stuttering back and forth—
wires flicker in his brain.
Disconnected data goes nowhere,
in one side and out the other.

We have an emergency.
The robot is shutting down;
the programmer isn’t home.

Random command lines drift around,
his broken fishbowl brain:
random numbers, random letters,
random things.
The malfunctioning robot repeated the
Wrong place, wrong time.

The Owl, 2006


I was sick, and lay in bed,
and walked alone inside my head.
In the woods I found myself,
looking for someone to help.
Kicking rocks along the path,
feeling dew soaked evening grass.
The twisted trees, they breathed and
as dead leaves in a tempest played.
The night was gray, an Autumn eve,
in Twilight, walking through the leaves,
with a coliseum of selves inside my head.


I tried to sit, and almost falling,
heard confused voices in me calling.
Vertigo—that spin—appeared;
life’s obscure pathway disappeared.
Schizophrenia, I said.
That’s all that it could be.
All those different voices can’t be me.


I’m not so sure that I recall,
whose voice it was that made me fall.
One said, “yes,” and one said, “no.”
I didn’t know which way to go.
The true path appeared, and there it lay,
and I walked the other way.


Above I heard a night-owl call.
“Who,” said the owl, whose shadow falls,
on the path in front of me,
atop the twisted shapes of trees.
“I’m not sure I’ve ever known,
myself amid the jam-packed dome.”
“Who, who, who,” cried out the owl.
“Who, who, who are you?”
I thought a moment, then I said,
“Just a kid who’s sick, in bed.
What is it that makes me ‘me’?
Karma’s equations, destiny?”
Schizophrenia, I said.
That’s all that it can be;
just another fevered dream.


“Who?” said the owl, above my bed,
and I withdrew into my head.
To find myself, amidst those talking,
to the coliseum I went walking.
For my own self, for me to meet,
time shifted quick beneath my feet.
“Where am I?” I called aloud.
To me turned a faceless crowd.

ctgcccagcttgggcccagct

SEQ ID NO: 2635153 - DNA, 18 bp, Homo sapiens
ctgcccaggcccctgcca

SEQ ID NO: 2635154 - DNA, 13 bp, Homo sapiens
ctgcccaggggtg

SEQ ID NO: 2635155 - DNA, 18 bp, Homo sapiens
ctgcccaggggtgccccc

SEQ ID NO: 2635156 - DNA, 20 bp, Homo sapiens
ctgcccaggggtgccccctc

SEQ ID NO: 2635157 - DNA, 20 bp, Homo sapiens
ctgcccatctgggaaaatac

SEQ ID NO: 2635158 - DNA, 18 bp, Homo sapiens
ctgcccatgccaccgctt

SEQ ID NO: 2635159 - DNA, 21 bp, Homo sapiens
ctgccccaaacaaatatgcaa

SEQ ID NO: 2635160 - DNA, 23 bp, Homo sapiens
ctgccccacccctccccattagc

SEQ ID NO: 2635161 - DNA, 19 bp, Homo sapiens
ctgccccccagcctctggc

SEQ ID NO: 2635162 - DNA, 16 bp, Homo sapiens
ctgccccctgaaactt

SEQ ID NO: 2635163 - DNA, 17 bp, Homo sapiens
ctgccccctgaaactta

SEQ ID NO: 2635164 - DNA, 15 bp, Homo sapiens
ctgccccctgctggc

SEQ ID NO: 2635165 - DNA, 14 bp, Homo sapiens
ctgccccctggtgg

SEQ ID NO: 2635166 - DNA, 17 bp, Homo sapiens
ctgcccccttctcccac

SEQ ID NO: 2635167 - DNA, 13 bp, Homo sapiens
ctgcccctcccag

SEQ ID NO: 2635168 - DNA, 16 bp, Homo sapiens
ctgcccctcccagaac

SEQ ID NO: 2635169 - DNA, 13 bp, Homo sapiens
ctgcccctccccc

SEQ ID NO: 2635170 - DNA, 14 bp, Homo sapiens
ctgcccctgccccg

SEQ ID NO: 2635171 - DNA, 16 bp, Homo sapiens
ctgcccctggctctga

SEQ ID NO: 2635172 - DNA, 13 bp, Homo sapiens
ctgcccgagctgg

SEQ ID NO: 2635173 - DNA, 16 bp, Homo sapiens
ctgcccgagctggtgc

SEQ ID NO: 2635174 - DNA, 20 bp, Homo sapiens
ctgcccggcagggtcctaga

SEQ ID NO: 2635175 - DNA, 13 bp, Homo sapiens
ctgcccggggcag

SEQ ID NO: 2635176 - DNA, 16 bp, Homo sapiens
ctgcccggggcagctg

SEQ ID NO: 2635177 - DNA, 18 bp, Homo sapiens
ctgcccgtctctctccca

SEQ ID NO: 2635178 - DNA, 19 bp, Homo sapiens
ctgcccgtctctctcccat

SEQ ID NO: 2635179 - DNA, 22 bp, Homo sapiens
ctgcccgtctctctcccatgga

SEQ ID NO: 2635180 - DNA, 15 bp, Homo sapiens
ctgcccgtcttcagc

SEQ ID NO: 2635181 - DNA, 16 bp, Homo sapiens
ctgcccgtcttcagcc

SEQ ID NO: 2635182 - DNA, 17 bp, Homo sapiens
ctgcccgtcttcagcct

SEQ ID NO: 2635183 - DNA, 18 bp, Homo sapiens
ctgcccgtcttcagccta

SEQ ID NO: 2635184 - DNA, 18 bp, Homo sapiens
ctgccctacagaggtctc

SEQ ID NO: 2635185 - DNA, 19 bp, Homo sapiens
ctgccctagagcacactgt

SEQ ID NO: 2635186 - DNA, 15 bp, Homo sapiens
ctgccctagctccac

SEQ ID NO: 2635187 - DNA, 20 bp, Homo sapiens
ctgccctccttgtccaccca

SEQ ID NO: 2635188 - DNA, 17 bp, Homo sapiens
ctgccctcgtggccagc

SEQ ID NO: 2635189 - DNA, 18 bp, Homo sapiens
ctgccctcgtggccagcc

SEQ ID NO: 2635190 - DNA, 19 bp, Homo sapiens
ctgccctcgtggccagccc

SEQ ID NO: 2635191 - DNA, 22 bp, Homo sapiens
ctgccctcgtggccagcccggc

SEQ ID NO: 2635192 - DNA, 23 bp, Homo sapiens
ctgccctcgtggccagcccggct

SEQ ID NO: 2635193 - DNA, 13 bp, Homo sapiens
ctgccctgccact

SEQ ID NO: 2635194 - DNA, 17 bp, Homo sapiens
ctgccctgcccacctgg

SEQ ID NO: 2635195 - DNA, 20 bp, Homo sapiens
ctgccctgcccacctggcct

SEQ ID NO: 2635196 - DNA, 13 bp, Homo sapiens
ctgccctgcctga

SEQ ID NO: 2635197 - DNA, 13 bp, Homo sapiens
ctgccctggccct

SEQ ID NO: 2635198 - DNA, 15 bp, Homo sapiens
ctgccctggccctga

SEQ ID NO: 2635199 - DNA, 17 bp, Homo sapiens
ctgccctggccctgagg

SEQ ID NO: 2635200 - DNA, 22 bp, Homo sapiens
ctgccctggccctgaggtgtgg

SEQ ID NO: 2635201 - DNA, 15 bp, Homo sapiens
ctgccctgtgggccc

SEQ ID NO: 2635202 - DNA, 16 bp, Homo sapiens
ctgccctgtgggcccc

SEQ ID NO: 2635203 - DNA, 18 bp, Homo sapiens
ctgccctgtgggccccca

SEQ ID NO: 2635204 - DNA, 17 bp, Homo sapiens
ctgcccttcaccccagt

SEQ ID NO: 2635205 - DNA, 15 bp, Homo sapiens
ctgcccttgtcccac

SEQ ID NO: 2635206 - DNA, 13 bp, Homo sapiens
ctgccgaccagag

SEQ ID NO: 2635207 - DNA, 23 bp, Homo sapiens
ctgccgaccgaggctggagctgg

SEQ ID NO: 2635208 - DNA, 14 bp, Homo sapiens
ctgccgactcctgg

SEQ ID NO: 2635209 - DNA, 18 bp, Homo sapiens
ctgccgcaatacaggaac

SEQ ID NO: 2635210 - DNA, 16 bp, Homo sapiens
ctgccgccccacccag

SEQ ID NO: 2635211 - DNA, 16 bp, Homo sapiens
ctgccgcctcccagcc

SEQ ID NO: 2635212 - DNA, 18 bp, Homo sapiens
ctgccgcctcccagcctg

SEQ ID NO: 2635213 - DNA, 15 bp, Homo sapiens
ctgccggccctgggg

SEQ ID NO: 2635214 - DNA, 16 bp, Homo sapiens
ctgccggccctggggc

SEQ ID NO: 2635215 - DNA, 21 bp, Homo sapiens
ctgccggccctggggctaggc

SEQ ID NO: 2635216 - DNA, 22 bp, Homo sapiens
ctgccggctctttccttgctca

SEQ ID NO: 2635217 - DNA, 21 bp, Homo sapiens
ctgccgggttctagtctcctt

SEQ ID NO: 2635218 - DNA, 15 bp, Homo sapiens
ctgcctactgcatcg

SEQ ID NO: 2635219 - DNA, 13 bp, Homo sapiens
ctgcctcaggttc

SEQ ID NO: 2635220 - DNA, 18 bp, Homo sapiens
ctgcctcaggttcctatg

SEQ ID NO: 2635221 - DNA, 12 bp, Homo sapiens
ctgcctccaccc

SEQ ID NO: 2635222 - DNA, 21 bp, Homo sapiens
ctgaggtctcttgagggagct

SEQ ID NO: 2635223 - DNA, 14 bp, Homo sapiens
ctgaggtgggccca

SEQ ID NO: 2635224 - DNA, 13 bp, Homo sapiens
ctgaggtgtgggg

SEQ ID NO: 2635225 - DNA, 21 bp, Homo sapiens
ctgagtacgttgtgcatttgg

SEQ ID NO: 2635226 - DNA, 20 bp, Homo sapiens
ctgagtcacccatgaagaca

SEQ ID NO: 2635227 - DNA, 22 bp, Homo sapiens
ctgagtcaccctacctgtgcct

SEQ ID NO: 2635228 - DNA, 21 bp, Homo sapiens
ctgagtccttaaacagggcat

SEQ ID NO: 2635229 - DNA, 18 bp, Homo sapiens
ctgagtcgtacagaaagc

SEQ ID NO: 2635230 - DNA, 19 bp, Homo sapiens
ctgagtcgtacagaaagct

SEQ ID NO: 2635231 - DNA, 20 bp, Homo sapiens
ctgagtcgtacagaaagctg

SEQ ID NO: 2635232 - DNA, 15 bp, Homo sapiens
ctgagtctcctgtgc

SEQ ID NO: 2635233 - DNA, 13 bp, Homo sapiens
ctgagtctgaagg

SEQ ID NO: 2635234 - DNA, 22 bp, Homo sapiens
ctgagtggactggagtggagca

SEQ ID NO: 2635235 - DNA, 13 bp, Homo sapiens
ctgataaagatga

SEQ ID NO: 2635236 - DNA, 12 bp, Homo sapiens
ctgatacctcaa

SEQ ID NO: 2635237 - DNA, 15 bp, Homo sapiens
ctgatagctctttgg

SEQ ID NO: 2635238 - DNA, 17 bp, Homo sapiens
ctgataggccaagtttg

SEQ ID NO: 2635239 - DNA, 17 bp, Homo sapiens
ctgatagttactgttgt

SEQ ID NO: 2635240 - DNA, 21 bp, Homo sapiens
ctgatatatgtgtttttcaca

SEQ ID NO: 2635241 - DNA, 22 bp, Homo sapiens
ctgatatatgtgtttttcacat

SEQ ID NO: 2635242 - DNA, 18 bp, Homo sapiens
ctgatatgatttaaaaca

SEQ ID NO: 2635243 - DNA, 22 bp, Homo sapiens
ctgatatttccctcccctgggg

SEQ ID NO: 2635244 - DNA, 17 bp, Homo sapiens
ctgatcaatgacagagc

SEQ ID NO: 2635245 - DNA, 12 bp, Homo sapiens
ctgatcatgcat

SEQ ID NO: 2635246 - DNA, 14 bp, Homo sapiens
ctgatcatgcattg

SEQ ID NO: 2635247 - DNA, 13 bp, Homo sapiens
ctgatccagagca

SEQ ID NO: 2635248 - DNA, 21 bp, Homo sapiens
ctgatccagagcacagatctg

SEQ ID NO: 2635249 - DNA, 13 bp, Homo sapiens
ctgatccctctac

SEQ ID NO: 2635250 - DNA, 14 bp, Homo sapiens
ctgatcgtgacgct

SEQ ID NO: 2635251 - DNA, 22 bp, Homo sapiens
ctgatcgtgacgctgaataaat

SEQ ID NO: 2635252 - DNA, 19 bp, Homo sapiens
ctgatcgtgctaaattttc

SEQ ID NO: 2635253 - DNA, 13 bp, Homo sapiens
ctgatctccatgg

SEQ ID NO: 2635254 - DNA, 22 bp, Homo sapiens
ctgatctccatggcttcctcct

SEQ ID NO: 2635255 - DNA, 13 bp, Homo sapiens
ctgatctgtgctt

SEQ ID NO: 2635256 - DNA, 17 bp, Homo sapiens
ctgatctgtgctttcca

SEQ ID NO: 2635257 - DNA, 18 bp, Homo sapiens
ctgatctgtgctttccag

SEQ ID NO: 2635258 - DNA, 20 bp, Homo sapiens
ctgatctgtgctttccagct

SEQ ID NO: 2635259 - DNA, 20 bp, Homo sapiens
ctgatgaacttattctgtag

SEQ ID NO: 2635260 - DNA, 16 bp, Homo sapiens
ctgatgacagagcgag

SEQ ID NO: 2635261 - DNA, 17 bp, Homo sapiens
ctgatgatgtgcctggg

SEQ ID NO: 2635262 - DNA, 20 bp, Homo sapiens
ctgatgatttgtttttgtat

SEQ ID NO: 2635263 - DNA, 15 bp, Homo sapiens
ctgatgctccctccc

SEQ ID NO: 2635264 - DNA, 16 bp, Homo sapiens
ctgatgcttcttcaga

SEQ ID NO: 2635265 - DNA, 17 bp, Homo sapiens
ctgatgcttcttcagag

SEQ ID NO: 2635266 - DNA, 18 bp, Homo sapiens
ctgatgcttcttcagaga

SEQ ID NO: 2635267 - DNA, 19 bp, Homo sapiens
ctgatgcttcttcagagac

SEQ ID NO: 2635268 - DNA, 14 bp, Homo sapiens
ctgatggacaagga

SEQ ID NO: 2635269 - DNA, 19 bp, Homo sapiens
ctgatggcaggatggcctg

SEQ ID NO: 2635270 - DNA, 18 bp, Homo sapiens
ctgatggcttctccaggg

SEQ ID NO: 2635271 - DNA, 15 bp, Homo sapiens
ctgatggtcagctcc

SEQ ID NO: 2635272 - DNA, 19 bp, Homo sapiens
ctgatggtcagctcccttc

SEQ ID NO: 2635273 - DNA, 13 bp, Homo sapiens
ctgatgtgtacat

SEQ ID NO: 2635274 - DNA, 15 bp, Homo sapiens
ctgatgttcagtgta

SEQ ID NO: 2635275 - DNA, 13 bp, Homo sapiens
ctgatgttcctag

“You are there,” a self spoke up,
and pointed to an empty cup.


I crawled inside and found a child,
at a sea-shore, cold and mild;
with his back forever turned,
the noisy world behind him spurned.
“Are you me?” I had to say.
“Some mental game of chess to play?”
I tried to move, but ran in place,
never did I glimpse his face.
“Who?” the owl called again,
that endless searching to begin.


The child said nothing, looked to the
a solemn song he had to sing.
He held a flower, dead and broken,
from him to me soft words were spoken.
“It’s pretty though it’s torn in half.”
He dropped the flower, and listless, laughed—
looked at it—dead— amidst the grass.
He turned to leave, then looked at me,
and didn’t make a sound.
His face was painted like a clown.


“That isn’t me,” I shouted back,
and looked across the sea of black.
My face had on a painted smile;
to hide the real face for a while.
“Let me out,” I said, aloud,
and found myself amid the crowd.


I walked into a crowd of me,
and found a man with mushroom tea.
“We’re all one,” said the old man,
extending the cup with his left hand.
“Take a sip,” he said, and smiled.
“But you might want to sit a while.”
I downed the cup, sat on the floor,
watched even more come through the
Holy men, mystics, and saints,
versions of me with no complaints.
No stress, regrets, anxiety,
just quiet and tranquility.


I saw agnostics, atheists too,
they screamed until their face turned
I was searching through my head,
back at home, collapsed, in bed.

Schizophrenia, again,
a division of the self in men.
Divisions of the self in me,
fevered dreams, insanity.


With his back turned to the room,
a child held a smiling blue balloon,
looking at a lighthouse painting,
down the hall, high on the wall.
“What are you waiting for?” I asked,
remembering that moment past.
He said, “for my father to come home.
I’ve been waiting all night long.
What do you think that I’ve done wrong?”


I saw his painting, then I knelt.
In it such loneliness I felt.
A painted puppy in a cage,
excited with his eyebrows raised.
Looking out, and waiting too,
’til someone to love,
from here, or above,
that empty archway to come through.


The balloon popped; the young child rose.
It was dawn; the lighthouse closed.
On his way home aloud he sang,
like a prisoner with a ball and chain.
He sang, “This little light of mine,
I tried to let it shine.
Let it shine, let it shine, let it shine.”
All the way home he sang, and frowned,
then disappeared into the crowd.


On down the path, I heard a laugh;
snowflakes danced the air.
In the snow, a young child rolled,
smiling without a care.
On the ground, he rolled around,
making angels in the snow.
Until night came, he played and sang,
and then he had to go.


When the owl asked the schizoid who,
he really didn’t know.
He walked about, and had to shout,
for his real self to show.
Inside a dome, like ancient Rome,
he called out for himself.
Then to the sky, whose alibi,
from heaven never fell.


Then I saw another me,
just seventeen or so,